Data collected from recreational anglers plays an important role in determining the health of fish stocks. Harvest, especially as it relates to fishing effort, can help fisheries scientists identify trends in fish populations over time. These fisheries-dependent data are also used to predict future fishing behavior as fishing seasons are set based on past trends in fishing activity. Finally, these data are used to monitor harvest during a fishing year, which is particularly important for species that are managed with a quota. In-season monitoring of fishing activity prevents overfishing because a season can be closed when a quota is met.
The recreational fishing sector includes both private fishermen and fisherman on for-hire trips. The Council and NOAA Fisheries are currently working to implement new electronic reporting requirements for all federally permitted for-hire vessels in the Gulf. Soon, all for-hire vessels will need to be equipped with hardware that, at minimum, archives vessel location once per hour. Federal for-hire operators will also be required to hail-out each time their vessel leaves the dock and submit an electronic fishing report for each trip prior to offloading fish. These new data collection requirements are expected to vastly improve our understanding of the catch and effort from anglers for-hire fishing trips.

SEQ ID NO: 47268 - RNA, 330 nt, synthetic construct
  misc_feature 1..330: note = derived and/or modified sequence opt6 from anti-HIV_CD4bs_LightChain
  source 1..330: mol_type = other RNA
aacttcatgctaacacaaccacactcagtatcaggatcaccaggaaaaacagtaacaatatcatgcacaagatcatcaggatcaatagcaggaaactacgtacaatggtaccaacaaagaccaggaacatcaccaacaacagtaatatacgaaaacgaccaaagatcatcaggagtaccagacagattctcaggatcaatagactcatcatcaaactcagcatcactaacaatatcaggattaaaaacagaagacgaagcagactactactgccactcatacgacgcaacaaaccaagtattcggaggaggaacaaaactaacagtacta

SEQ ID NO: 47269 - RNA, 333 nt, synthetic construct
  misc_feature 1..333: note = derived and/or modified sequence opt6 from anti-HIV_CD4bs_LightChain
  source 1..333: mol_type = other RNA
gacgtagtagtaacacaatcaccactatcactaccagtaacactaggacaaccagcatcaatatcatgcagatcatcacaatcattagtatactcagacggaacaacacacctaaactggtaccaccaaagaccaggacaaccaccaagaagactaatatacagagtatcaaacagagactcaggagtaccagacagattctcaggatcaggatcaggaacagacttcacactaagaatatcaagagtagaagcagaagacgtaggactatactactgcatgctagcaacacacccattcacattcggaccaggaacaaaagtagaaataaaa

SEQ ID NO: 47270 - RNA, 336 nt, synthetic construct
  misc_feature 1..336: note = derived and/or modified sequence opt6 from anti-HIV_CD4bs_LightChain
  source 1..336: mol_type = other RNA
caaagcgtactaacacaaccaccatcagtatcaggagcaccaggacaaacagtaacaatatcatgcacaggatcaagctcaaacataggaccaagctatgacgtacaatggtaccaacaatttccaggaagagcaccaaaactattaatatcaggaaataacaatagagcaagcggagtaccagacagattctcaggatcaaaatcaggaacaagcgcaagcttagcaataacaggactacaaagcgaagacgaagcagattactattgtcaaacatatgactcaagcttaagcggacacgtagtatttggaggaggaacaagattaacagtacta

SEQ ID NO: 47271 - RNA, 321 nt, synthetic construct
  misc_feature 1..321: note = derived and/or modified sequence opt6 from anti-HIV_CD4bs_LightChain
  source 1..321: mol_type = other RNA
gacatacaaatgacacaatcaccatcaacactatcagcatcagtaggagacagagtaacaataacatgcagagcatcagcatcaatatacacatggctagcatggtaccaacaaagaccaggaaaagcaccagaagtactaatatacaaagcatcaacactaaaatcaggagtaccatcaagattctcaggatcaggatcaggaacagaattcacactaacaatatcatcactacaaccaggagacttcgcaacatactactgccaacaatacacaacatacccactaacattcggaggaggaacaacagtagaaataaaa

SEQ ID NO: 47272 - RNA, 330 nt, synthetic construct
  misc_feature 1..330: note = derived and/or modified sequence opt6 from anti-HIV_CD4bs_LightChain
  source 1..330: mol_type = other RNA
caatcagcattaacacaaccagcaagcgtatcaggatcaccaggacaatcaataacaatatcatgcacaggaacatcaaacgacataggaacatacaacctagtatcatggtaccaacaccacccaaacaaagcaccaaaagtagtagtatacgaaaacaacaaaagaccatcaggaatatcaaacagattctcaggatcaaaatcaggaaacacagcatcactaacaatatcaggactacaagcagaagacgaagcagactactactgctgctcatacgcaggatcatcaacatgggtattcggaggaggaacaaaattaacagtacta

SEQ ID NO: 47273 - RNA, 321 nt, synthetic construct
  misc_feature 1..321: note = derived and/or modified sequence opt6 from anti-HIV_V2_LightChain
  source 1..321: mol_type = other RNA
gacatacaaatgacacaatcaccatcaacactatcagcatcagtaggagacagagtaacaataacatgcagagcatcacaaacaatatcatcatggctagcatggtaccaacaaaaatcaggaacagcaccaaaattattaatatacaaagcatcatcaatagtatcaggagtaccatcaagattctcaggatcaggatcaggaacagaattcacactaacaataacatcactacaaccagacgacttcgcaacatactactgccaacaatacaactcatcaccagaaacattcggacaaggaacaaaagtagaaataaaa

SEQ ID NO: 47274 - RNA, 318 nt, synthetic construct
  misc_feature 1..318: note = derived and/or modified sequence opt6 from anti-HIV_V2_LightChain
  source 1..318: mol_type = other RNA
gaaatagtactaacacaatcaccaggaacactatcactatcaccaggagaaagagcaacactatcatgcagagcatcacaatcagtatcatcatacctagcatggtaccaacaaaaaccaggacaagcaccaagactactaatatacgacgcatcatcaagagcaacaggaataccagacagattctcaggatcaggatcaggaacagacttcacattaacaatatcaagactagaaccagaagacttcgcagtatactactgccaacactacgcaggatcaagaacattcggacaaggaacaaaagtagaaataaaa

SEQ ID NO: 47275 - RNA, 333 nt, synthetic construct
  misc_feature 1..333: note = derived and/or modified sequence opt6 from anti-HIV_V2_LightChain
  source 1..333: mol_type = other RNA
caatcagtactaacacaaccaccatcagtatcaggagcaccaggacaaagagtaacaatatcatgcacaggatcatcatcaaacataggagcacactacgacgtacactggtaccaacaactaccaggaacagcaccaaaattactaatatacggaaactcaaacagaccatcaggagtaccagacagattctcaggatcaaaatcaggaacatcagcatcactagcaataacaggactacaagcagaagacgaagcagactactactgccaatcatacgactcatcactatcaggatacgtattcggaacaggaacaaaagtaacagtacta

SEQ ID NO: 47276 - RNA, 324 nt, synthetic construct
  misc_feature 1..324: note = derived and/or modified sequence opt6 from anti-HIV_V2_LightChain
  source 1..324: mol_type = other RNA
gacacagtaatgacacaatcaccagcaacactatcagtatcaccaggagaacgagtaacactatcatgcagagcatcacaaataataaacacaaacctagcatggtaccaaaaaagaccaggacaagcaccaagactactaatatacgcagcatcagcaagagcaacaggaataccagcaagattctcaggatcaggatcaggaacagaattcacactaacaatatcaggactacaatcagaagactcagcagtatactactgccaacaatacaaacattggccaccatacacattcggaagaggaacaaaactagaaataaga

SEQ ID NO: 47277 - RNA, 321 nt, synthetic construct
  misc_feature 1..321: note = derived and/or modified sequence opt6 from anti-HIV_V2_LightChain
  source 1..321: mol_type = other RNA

Unfortunately, the collection of private recreational fishing data is more complicated. The universe of recreational fishermen and their fishing effort is hard to define, and directly tracking the activity and harvest of such a large, diverse population is not practical.
|Photo: Rosemary White|
Why is it hard to figure out how much recreational fishing there is?
Many people assume that private recreational fishing effort can be quantified by simply counting fishing licenses. Unfortunately, it’s more complicated than that. For starters, not all fishermen are required to be licensed; in many states, you don’t need a license if you’re over 60 or under 16. Also, licenses don’t distinguish between fishermen targeting federal species and fishermen targeting state managed species. Finally, some fishermen fish frequently and some fish only on rare occasions; the actual fishing effort of different anglers cannot be estimated based on possession of a license.
There is a surprisingly simple way to determine what the private recreational sector is catching on average: Fishing Effort x Catch = Harvest. For years, the federal Marine Recreational Information Program (MRIP) was used to collect information on the average effort and average catch of anglers across all coasts of the United States. Since it’s not practical to ask every private recreational angler what they’ve caught each time they go fishing, fisheries scientists use a sample of the entire population of anglers to estimate the activity of the entire fishery. Fishing effort is determined using mail surveys, and average catch is determined by sampling angler catch as a fishing trip is completed. However, this recreational data collection system has been criticized because it relies on a sample to determine the behavior of the entire population.